- “Midnight dumping” on vacant land parcels
- Leaking underground or aboveground storage tanks or piping.
Managing the risks
Despite the obvious challenges, environmental liabilities needn’t be an obstacle to property transfers and acquisitions if they are proactively identified, managed and mitigated.
In recent years, habitational real estate developers and owners alike have mitigated their environmental exposures through contractual means, the use of environmental insurance or the combination of both. This trend is also likely to continue due to the ever-increasing need of financial institutions to protect their loans in today’s economic climate and the desire of sellers, who would prefer to be free from potential claims related to unknown legacy issues.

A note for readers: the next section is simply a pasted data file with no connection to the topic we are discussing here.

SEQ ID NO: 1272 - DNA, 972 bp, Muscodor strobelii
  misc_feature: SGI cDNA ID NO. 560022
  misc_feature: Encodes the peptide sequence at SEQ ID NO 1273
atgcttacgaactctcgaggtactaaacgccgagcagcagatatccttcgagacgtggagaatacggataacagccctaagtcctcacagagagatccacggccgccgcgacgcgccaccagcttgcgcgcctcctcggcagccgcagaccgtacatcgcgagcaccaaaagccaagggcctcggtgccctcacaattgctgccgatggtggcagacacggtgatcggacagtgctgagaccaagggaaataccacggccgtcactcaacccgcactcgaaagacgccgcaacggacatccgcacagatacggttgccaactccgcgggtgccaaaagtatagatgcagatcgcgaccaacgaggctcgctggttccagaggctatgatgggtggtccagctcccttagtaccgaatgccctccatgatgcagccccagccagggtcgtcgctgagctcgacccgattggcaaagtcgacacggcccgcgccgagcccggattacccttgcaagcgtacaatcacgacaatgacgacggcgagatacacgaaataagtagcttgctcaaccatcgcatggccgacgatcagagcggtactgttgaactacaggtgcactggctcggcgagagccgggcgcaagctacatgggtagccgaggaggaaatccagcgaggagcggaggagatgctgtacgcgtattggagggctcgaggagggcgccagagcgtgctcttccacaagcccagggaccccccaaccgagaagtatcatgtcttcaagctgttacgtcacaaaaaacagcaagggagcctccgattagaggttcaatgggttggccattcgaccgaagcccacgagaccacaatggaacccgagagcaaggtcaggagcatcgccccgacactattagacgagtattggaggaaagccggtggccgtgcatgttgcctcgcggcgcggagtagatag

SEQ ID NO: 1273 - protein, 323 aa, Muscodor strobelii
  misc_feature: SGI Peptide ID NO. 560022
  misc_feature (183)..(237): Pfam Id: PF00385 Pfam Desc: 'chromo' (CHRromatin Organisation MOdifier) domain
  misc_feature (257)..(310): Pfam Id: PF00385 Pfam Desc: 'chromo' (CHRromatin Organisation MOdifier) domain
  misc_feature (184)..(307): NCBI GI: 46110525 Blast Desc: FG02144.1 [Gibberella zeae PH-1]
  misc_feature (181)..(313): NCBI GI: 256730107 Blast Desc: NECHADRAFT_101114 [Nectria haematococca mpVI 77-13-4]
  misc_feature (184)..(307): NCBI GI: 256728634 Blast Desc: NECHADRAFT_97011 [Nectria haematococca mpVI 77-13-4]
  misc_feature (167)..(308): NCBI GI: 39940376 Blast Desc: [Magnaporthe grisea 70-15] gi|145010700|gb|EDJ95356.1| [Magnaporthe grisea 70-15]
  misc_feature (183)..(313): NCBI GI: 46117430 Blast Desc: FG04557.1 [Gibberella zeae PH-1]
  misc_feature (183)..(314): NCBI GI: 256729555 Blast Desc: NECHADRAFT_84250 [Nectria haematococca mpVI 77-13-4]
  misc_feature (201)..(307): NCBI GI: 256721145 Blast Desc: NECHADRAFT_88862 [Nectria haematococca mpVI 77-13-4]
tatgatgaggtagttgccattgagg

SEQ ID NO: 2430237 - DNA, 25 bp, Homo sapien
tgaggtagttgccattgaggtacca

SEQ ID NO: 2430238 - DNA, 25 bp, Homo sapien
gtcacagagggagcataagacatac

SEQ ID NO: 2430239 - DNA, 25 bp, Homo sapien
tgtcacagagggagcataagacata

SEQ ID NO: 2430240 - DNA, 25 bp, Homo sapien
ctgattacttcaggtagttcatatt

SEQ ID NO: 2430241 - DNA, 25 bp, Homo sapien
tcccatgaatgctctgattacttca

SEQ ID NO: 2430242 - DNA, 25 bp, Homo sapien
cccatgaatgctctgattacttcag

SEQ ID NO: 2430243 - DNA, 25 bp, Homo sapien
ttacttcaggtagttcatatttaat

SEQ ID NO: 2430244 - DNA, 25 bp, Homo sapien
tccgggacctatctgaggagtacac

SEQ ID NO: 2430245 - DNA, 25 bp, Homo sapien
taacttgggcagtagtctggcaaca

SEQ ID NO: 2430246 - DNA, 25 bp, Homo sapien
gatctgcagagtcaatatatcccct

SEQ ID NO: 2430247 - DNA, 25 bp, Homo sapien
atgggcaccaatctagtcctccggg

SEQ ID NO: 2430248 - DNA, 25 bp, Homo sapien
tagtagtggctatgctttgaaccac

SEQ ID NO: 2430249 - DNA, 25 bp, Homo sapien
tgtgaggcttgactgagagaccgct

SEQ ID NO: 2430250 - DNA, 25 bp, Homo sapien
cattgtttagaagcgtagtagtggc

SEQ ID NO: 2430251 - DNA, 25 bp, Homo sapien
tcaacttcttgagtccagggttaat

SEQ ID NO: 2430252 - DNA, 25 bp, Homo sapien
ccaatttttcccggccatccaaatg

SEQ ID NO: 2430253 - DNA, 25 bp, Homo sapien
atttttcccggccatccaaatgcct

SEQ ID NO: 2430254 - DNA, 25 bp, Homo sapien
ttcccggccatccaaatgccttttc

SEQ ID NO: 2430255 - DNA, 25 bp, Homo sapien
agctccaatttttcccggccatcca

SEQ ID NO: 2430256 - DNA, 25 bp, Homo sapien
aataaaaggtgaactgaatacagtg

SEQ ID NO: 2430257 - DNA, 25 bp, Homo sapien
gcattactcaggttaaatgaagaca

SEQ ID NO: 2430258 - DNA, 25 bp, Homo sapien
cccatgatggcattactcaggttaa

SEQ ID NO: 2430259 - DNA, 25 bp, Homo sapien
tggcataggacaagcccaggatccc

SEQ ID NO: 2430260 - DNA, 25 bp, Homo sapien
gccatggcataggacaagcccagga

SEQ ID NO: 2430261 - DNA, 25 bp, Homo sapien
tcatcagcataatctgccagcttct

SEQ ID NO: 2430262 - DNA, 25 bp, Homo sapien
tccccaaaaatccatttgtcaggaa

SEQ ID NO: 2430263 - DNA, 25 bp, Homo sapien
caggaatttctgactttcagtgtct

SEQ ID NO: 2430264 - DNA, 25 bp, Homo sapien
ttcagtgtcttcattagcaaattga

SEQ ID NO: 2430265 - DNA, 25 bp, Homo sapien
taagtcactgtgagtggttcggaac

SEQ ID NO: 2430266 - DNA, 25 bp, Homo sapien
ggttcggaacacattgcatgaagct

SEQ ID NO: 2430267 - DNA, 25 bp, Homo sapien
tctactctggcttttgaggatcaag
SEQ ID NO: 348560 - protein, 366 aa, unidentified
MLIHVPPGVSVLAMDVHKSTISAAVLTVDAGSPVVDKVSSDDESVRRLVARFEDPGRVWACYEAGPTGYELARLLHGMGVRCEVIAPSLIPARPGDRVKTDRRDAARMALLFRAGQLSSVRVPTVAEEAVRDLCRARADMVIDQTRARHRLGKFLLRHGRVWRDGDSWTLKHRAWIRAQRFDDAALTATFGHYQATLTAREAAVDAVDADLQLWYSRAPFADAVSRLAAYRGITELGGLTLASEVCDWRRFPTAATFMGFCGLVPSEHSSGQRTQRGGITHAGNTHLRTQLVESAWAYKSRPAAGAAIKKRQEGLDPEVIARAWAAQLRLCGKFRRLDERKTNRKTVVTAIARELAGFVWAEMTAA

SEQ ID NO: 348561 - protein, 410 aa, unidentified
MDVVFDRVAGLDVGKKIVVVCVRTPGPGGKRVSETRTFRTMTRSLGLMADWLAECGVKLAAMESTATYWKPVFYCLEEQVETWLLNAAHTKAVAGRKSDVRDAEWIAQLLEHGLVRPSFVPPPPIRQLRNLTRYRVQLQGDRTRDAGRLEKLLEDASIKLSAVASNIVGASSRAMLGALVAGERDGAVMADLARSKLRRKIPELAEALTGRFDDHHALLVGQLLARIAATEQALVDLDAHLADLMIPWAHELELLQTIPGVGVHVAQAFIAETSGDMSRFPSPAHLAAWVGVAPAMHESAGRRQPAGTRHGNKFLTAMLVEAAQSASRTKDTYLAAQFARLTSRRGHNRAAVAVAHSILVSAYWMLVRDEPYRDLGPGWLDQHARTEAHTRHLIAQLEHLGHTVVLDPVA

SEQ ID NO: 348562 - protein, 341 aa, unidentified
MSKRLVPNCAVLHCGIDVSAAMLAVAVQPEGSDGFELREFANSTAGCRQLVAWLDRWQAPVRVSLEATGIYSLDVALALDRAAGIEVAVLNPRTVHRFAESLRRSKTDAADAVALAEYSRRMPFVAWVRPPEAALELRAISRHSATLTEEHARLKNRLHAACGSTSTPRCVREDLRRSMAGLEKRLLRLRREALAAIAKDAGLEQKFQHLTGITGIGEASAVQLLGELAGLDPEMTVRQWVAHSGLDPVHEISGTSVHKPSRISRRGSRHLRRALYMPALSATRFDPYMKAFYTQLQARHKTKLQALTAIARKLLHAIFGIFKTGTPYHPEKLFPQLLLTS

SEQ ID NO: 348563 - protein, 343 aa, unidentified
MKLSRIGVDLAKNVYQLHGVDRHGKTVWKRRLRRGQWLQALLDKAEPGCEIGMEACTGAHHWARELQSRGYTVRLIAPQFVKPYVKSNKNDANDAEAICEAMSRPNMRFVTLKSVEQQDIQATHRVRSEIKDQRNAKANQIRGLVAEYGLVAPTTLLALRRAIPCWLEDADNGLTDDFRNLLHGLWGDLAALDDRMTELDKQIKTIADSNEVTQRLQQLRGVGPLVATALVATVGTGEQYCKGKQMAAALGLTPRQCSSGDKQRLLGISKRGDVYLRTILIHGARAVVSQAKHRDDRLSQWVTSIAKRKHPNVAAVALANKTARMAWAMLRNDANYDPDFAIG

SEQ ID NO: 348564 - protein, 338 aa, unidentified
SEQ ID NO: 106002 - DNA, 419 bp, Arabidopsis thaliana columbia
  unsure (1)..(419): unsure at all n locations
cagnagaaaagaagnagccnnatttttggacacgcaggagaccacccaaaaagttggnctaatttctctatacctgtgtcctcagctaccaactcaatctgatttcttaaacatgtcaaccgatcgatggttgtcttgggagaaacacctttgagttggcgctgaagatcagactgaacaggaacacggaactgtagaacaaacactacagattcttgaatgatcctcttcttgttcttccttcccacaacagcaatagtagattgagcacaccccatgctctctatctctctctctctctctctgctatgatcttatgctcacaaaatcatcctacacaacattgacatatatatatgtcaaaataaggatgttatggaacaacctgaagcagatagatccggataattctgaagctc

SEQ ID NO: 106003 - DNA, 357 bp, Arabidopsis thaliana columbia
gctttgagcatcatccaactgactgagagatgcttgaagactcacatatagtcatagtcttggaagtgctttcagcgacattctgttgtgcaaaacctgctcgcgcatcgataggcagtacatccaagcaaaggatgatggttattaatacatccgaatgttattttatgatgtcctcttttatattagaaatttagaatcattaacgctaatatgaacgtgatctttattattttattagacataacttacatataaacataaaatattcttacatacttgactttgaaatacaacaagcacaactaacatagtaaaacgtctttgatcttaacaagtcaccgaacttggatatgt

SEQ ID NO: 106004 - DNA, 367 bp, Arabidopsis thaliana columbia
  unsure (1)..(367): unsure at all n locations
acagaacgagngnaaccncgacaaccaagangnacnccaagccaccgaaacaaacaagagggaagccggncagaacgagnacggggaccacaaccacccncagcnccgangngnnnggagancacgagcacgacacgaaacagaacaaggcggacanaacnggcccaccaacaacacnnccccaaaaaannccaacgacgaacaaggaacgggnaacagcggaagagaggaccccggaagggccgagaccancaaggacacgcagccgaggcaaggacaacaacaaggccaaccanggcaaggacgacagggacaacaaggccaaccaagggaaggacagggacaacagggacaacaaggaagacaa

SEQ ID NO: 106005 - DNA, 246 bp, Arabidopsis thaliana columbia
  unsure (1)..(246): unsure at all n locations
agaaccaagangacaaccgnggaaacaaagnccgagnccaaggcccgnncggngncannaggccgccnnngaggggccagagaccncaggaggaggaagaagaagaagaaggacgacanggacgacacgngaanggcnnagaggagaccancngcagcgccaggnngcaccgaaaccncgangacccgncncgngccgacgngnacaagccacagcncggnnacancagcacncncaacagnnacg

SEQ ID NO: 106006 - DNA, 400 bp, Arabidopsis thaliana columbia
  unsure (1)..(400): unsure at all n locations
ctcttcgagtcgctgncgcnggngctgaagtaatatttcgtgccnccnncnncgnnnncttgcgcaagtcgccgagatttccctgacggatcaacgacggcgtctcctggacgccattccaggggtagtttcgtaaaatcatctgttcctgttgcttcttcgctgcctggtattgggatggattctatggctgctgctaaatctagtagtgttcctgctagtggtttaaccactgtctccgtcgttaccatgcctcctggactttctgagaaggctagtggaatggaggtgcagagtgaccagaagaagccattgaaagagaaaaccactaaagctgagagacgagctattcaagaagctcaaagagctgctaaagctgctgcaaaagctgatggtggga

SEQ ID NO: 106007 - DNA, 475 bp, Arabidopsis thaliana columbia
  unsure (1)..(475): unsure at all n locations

At the top of the ($2.5B annual premium) environmental insurance market are the five leading environmental liability insurers of AIG, XL Capital, Zurich, ACE USA, and Chubb, which account for approximately 90 percent of the total premiums written. However, the remaining 10 percent of the environmental liability insurance market is growing with a number of very solid insurers providing at least some form of environmental liability insurance. These markets include Liberty, Markel Underwriting Managers, American Safety, Freberg Environmental/Endurance and Great American.
Each environmental liability insurer offers its own manuscripted coverage forms. To complicate matters even more, each insurer also offers a portfolio of environmental liability coverage forms, with the largest offering up to 15 different coverages totaling over 100 forms in the marketplace.